Washington:Â Karan Menon, a 14-year-old Indian-American student, has won the prestigious National Geographic Bee competition in the US, in which the top three positions were bagged by Indian-origin contestants. Menon, an eighth grader from New Jersey, competed against 10 finalists from across the US to win the 2015 National Geographic Bee championship held yesterday at National Geographic headquarters. Of the 10 finalists, seven were of Indian-origin.
In addition to winning the title of National Geographic Bee champion, Menon received an $85,000 college scholarship, lifetime membership in the National Geographic Society and an expedition for two to the Galapagos Islands aboard the Lindblad ship National Geographic Endeavour.
Menon has added his name to a long list of Indian-origin kids who have made their mark over the years in the similarly coveted spelling bee championships in the US. The first-runner up and recipient of a $25,000 college scholarship was 11-year-old Shriya Yarlagadda of Michigan.
The third place and a $10,000 college scholarship went to Sojas Wagle of Arkansas, a 13-year-old eighth grader. Menon answered all seven championship-round questions correctly to win the title.
More than 4 million students in over 11,000 schools in all 50 states, the District of Columbia, US Atlantic and Pacific territories and Department of Defense Dependents Schools took part in the National Geographic Bee this year. After winning the competition Menon said, “I’m on top of the world right now.” Menon said he found the questions to be “really challenging”.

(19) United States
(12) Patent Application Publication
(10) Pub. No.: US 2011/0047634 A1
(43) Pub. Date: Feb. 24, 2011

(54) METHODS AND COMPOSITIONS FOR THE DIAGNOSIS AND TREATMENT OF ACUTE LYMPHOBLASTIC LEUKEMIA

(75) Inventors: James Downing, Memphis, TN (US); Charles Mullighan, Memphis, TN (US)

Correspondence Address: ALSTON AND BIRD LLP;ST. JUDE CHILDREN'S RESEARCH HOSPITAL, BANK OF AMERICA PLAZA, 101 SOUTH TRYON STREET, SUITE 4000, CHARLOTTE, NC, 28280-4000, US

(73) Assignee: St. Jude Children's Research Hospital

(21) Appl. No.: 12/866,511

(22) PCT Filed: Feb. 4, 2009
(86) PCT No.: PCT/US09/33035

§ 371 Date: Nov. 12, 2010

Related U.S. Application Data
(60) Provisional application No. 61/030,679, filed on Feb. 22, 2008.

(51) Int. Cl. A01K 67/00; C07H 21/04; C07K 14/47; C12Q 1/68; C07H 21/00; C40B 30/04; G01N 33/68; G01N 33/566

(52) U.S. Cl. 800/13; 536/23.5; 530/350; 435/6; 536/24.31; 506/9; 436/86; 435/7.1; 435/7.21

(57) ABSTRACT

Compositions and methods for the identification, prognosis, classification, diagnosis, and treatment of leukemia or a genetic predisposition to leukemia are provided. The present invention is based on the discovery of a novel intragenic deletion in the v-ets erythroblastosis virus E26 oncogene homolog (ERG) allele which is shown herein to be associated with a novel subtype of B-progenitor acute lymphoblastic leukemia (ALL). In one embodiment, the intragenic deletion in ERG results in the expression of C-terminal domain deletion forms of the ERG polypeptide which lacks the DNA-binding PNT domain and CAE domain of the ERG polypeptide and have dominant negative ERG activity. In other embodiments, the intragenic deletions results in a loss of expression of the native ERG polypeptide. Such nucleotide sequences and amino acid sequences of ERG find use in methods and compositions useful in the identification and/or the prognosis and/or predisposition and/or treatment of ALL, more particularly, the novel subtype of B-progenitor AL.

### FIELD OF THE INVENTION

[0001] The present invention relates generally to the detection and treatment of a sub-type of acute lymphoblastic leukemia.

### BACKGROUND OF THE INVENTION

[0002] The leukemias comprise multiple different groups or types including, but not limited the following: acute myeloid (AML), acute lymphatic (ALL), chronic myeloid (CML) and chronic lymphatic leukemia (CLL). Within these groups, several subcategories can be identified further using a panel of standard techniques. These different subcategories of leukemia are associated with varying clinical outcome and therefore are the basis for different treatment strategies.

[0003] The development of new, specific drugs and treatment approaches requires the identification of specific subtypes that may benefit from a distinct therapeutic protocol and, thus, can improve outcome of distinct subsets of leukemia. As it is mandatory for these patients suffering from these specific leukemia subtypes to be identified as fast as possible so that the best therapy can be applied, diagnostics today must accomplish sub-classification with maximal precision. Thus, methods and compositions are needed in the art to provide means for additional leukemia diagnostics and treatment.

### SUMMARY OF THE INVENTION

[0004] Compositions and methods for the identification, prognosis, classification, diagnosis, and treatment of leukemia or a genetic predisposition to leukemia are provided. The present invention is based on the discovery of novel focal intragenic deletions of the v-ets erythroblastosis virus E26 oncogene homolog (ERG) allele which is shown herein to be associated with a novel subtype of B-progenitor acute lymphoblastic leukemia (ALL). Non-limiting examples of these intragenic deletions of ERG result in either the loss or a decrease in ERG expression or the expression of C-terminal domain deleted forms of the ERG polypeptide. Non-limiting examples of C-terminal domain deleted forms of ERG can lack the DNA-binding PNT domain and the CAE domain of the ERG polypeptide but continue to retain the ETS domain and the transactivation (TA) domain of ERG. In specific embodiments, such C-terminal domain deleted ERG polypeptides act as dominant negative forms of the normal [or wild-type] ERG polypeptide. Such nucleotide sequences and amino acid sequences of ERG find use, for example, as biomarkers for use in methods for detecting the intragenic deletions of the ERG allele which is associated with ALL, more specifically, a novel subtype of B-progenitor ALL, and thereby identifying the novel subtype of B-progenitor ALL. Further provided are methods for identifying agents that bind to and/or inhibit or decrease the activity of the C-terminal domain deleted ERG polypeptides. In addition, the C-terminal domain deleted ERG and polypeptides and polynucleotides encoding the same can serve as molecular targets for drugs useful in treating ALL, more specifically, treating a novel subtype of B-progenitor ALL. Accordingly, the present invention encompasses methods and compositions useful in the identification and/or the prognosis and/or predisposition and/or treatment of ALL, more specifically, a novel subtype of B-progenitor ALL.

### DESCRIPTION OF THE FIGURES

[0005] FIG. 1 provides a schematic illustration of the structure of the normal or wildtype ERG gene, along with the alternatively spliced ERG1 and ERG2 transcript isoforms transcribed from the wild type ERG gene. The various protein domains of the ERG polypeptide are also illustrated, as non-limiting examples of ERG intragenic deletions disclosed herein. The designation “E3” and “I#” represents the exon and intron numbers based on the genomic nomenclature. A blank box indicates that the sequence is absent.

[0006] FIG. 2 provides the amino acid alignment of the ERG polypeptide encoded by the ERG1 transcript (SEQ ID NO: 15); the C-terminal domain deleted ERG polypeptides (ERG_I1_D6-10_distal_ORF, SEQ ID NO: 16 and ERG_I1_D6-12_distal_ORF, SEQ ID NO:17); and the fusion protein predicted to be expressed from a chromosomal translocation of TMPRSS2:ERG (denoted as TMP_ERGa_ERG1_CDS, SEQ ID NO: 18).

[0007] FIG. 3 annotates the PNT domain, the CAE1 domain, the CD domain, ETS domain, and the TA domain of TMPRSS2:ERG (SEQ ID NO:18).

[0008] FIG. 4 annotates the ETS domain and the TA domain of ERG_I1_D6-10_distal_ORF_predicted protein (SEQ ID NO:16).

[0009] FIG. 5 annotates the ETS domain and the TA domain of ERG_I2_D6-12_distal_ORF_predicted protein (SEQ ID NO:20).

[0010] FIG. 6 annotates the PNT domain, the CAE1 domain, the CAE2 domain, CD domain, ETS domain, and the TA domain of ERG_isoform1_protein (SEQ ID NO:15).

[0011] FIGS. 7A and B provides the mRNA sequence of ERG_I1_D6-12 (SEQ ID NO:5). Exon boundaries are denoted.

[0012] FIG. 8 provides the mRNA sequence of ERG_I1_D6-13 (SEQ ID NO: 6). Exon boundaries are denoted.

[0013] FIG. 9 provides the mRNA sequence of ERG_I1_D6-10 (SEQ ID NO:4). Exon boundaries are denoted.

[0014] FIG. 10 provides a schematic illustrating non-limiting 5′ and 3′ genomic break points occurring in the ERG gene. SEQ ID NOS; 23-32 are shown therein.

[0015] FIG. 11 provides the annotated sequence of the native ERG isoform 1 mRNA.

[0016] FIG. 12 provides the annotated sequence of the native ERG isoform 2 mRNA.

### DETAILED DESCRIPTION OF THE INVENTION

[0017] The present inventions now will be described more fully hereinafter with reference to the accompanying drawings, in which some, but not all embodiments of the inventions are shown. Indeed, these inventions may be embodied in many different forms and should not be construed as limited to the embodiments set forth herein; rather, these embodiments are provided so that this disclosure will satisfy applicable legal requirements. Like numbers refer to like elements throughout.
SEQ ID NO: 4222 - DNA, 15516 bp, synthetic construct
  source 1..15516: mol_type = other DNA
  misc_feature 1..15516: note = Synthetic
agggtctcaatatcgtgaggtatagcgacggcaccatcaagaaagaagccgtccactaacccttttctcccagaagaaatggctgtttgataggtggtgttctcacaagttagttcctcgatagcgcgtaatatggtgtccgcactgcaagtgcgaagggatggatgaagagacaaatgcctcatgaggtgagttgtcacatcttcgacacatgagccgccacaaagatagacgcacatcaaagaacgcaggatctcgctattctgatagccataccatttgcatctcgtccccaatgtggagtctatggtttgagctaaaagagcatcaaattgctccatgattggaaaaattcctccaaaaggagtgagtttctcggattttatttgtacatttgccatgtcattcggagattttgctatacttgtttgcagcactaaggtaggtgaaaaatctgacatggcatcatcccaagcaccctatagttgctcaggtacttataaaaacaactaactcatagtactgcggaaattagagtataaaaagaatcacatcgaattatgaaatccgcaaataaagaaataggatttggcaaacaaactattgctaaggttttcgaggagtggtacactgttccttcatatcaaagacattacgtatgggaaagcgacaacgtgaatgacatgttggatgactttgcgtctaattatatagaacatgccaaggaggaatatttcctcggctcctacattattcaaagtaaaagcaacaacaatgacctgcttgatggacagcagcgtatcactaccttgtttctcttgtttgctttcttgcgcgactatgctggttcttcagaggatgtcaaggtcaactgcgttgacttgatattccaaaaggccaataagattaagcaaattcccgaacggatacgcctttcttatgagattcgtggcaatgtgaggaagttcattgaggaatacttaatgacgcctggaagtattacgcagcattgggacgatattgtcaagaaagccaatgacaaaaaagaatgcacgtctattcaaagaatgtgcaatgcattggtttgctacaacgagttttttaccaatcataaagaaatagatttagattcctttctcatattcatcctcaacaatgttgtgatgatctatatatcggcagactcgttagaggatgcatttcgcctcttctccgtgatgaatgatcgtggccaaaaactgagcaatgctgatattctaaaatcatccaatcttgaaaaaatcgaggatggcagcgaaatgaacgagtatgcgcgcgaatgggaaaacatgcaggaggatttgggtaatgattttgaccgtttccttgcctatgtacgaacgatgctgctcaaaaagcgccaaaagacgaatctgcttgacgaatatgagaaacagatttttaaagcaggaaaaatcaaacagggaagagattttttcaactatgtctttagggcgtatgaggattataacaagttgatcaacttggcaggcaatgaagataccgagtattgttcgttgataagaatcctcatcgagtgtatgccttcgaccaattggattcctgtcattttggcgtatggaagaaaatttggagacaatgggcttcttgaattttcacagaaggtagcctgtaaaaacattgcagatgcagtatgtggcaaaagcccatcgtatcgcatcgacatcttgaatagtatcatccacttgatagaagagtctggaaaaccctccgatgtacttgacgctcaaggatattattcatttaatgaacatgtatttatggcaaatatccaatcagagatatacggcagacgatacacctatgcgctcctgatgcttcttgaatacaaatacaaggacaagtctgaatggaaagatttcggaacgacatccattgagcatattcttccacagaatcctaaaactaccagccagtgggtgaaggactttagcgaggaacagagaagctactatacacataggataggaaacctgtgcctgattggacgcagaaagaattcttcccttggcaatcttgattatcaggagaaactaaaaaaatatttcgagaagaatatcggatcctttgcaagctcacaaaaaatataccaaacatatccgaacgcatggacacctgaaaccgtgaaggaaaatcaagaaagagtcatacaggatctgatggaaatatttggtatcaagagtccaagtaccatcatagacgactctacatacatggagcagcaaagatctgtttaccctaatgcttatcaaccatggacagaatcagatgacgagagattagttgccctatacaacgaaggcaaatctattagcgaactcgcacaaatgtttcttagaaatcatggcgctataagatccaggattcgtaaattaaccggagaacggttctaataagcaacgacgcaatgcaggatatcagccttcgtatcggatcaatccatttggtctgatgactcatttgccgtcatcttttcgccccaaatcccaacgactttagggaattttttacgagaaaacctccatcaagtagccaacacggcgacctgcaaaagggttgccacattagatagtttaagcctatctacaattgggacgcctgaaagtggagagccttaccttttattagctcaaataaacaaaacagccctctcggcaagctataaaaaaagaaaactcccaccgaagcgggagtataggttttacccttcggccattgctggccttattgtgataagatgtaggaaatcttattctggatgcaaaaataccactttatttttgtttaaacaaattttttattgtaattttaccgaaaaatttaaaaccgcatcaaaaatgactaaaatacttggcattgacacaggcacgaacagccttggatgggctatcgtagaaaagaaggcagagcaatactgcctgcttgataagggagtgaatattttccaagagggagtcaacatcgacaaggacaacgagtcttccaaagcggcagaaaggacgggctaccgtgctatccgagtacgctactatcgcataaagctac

“Some of them I’d studied, but for some of them, I had to take a risk. I just had to go with my gut and say an answer,” he was quoted as saying by ‘MyCentralJersey.com’. He said he’s always been interested in geography, a subject which helps one become a “global citizen.”
“I’ve always liked looking at maps, seeing where each location is and learning about the different parts the world,” he said. “You get to see how and what it is like outside the boundaries of your hometown,” he said. “Geography really connects these dots together. It’s good to know about the world you live in. You learn about the various cultures around the world and how they live and the topography,” he said.